Middle East Venture Partners (MEVP) has announced a couple of new investments in 3 companies .
It is investing $400,000 in the fast food chain Shawarmanji, $250,000 in Arab recipe web portal Shahiya and $500,000 in the online book distribution company Cedar Books. These are co-investments between MEVP’s two funds Middle East Venture Fund MEVF and Building Block Equity Fund BBEF.
Middle East Venture Partners is listed in the Middle East Investors Directory with the code SINJA31.
More details follows from the Daily Star
Three Lebanese startup companies have just been given a boost of $1.15 million to expand their operations regionally. The Building Block Equity Fund, backed by Bader Young Entrepreneurs Program and managed by Middle East Venture Partners, is investing $400,000 in the fast food chain Shawarmanji, $250,000 in Arab recipe web portal Shahiya and $500,000 in the online book distribution company Cedar Books.
During a ceremony Wednesday evening at Sursock Gardens, Bader Group President Robert Fadel said the funding was aimed at “providing young entrepreneurs and people with innovative ideas and projects with funding ranging between $50,000 and $100,000 so that they can achieve their ambitions.”
He added, “Investing in startups is referred to as venture investment, but Bader believes that encouraging entrepreneurs and SMEs does not entail any kind of adventure; rather it is an investment with guaranteed returns for the Lebanese economy and a proactive tool to achieve economic growth and provide job opportunities.”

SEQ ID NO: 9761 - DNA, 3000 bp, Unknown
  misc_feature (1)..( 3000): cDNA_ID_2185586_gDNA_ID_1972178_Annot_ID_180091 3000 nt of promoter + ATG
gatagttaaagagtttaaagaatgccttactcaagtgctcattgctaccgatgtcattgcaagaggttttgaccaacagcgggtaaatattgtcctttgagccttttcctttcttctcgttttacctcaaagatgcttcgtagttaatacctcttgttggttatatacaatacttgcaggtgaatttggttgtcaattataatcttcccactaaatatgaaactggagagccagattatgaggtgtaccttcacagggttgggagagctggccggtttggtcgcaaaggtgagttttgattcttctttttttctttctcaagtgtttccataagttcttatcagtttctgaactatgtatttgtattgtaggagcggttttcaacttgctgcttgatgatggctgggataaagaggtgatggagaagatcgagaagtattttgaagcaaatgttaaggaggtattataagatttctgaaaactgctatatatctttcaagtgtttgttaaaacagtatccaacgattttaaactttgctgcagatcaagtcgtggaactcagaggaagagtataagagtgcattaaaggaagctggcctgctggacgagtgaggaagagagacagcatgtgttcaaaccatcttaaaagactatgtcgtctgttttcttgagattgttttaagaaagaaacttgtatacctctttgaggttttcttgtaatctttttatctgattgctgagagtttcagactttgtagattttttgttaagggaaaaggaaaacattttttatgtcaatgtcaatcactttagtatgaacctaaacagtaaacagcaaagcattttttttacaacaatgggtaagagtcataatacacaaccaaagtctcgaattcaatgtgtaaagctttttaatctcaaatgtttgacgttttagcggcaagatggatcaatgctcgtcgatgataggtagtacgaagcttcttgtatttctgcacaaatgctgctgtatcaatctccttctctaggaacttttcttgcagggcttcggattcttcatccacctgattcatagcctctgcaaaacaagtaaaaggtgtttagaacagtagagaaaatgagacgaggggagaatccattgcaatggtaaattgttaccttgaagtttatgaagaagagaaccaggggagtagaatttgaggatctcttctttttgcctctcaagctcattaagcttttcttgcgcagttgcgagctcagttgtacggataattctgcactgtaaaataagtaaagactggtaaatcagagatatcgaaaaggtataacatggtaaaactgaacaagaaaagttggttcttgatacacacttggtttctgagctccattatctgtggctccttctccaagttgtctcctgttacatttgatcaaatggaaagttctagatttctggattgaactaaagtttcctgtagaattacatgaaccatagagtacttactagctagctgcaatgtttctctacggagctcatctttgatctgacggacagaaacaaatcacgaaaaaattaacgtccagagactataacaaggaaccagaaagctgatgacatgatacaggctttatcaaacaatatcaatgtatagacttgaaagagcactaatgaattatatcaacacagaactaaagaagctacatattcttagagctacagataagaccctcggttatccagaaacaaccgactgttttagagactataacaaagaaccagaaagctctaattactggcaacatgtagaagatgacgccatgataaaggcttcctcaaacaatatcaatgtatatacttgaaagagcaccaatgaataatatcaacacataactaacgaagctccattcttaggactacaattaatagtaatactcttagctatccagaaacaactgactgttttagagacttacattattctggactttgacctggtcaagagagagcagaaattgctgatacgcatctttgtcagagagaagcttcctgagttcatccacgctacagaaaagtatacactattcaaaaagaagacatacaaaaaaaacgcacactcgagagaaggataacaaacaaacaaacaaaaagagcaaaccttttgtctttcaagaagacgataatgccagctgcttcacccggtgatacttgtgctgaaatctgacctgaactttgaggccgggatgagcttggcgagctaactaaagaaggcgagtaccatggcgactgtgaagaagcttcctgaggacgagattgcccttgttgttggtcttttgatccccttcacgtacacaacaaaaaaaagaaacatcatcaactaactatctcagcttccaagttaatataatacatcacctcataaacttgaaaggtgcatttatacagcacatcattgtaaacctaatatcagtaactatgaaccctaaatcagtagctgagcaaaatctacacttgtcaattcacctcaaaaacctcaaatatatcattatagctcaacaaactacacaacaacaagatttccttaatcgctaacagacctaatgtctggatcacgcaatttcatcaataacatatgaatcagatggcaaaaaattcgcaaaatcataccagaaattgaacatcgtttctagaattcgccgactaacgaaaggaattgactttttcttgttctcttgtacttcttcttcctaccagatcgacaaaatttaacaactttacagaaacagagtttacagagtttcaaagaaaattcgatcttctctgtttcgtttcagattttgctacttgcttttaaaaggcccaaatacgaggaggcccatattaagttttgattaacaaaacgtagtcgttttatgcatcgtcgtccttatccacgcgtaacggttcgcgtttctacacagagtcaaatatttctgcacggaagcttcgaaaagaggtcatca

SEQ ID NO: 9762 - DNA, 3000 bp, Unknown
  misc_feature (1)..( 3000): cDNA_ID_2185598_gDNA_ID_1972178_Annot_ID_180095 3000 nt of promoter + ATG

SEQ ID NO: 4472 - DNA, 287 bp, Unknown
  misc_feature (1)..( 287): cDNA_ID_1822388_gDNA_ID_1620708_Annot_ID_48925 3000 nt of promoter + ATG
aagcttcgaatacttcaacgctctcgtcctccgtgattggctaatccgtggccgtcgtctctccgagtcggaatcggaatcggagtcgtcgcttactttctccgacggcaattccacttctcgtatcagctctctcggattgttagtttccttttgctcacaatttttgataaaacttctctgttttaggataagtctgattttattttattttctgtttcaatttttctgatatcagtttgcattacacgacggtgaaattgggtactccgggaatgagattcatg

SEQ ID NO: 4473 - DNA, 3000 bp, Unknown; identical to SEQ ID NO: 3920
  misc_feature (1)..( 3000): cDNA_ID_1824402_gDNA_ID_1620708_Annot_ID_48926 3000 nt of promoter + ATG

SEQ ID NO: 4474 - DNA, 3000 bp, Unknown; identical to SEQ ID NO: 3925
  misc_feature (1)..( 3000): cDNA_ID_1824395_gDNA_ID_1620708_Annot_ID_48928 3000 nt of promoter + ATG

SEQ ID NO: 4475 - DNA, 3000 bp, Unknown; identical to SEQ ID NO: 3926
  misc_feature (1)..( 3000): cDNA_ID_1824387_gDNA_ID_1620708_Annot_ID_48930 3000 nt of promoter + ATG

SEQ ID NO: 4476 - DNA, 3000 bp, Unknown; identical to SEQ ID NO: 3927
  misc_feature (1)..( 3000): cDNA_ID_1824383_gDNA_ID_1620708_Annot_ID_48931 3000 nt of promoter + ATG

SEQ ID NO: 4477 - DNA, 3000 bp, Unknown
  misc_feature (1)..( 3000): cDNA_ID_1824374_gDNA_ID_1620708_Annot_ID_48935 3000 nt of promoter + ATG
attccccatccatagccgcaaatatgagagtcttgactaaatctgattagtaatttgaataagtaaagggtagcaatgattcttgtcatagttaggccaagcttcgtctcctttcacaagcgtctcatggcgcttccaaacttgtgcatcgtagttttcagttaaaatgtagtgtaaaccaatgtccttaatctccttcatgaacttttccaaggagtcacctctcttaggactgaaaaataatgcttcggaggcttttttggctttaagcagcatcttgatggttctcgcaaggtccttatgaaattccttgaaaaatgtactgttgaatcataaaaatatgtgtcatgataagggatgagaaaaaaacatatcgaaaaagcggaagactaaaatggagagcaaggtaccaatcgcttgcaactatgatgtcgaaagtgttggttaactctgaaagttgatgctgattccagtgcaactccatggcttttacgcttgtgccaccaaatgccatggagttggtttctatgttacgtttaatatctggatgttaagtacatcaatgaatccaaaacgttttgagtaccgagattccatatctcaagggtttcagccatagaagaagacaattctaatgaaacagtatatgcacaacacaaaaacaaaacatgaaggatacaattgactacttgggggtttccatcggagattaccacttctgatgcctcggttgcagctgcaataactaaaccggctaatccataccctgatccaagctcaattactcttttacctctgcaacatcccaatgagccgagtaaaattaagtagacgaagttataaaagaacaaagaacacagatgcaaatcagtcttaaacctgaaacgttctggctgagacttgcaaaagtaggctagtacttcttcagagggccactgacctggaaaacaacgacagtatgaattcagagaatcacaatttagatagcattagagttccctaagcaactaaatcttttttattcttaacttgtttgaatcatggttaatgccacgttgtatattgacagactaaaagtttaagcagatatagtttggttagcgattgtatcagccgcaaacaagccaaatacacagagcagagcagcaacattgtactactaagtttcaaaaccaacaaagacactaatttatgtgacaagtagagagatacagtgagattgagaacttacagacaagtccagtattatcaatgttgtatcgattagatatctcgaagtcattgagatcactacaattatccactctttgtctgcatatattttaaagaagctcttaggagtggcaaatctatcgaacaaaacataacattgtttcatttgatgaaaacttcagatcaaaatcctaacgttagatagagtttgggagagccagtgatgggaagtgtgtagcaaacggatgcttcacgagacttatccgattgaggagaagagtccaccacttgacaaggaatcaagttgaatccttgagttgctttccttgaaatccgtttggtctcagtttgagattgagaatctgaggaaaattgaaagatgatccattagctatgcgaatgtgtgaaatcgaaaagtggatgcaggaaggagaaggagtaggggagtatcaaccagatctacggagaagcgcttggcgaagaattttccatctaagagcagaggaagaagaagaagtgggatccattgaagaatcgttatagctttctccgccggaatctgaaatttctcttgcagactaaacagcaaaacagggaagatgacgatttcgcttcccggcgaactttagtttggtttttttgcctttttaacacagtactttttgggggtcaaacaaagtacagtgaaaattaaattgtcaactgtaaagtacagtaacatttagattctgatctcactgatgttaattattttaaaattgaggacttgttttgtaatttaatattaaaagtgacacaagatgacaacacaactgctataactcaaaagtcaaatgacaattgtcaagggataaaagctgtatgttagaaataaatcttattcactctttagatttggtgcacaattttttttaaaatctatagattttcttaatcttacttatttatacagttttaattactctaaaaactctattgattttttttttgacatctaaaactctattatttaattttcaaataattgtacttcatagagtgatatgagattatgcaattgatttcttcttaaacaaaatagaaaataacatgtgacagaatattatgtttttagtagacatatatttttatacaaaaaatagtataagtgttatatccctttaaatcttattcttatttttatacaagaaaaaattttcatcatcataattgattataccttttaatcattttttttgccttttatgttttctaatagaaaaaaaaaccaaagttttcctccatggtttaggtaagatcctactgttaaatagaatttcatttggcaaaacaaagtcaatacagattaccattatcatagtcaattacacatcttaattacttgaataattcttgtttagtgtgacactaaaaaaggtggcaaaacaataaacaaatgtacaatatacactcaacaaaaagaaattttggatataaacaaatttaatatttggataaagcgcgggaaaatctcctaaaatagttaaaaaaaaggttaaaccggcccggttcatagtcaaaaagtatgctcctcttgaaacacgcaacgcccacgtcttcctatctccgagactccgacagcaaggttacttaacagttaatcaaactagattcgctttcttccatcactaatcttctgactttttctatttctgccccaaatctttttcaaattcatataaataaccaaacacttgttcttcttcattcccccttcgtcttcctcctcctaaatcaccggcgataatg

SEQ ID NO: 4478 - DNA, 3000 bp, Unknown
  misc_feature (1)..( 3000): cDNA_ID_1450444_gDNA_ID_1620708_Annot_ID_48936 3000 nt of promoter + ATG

This funding announcement is one of many initiatives over the past several years to encourage the development of entrepreneurship and small- and medium-sized enterprises as Lebanon looks to move toward a more knowledge- and innovation-based economy.
Building Block CEO Khaled Zeidan said the fund invested in Shahia because of its success in generating users, 1.1 million so far, with a 15 percent monthly increase in traffic. The investment in Cedar Books was a result of the company’s three years of successful operation as its revenues rose from $2.9 million in 2009 to $12 million in 2012. The investment in Shawarmanji follows the young chain’s growth into six branches, five in Lebanon and one in Dubai, since it first opened last year.
Zeidan said these investments showed that productivity and creativity are still alive in Lebanon, despite the country’s economic difficulties.
He said that “the companies that benefited from these investments were chosen according to international standards pertaining to the solidity of the business and the competence of those behind it. We believe that creative startups with a promising future are the cornerstone for the local economy and for providing job opportunities. This is why we are helping them to develop and expand.”
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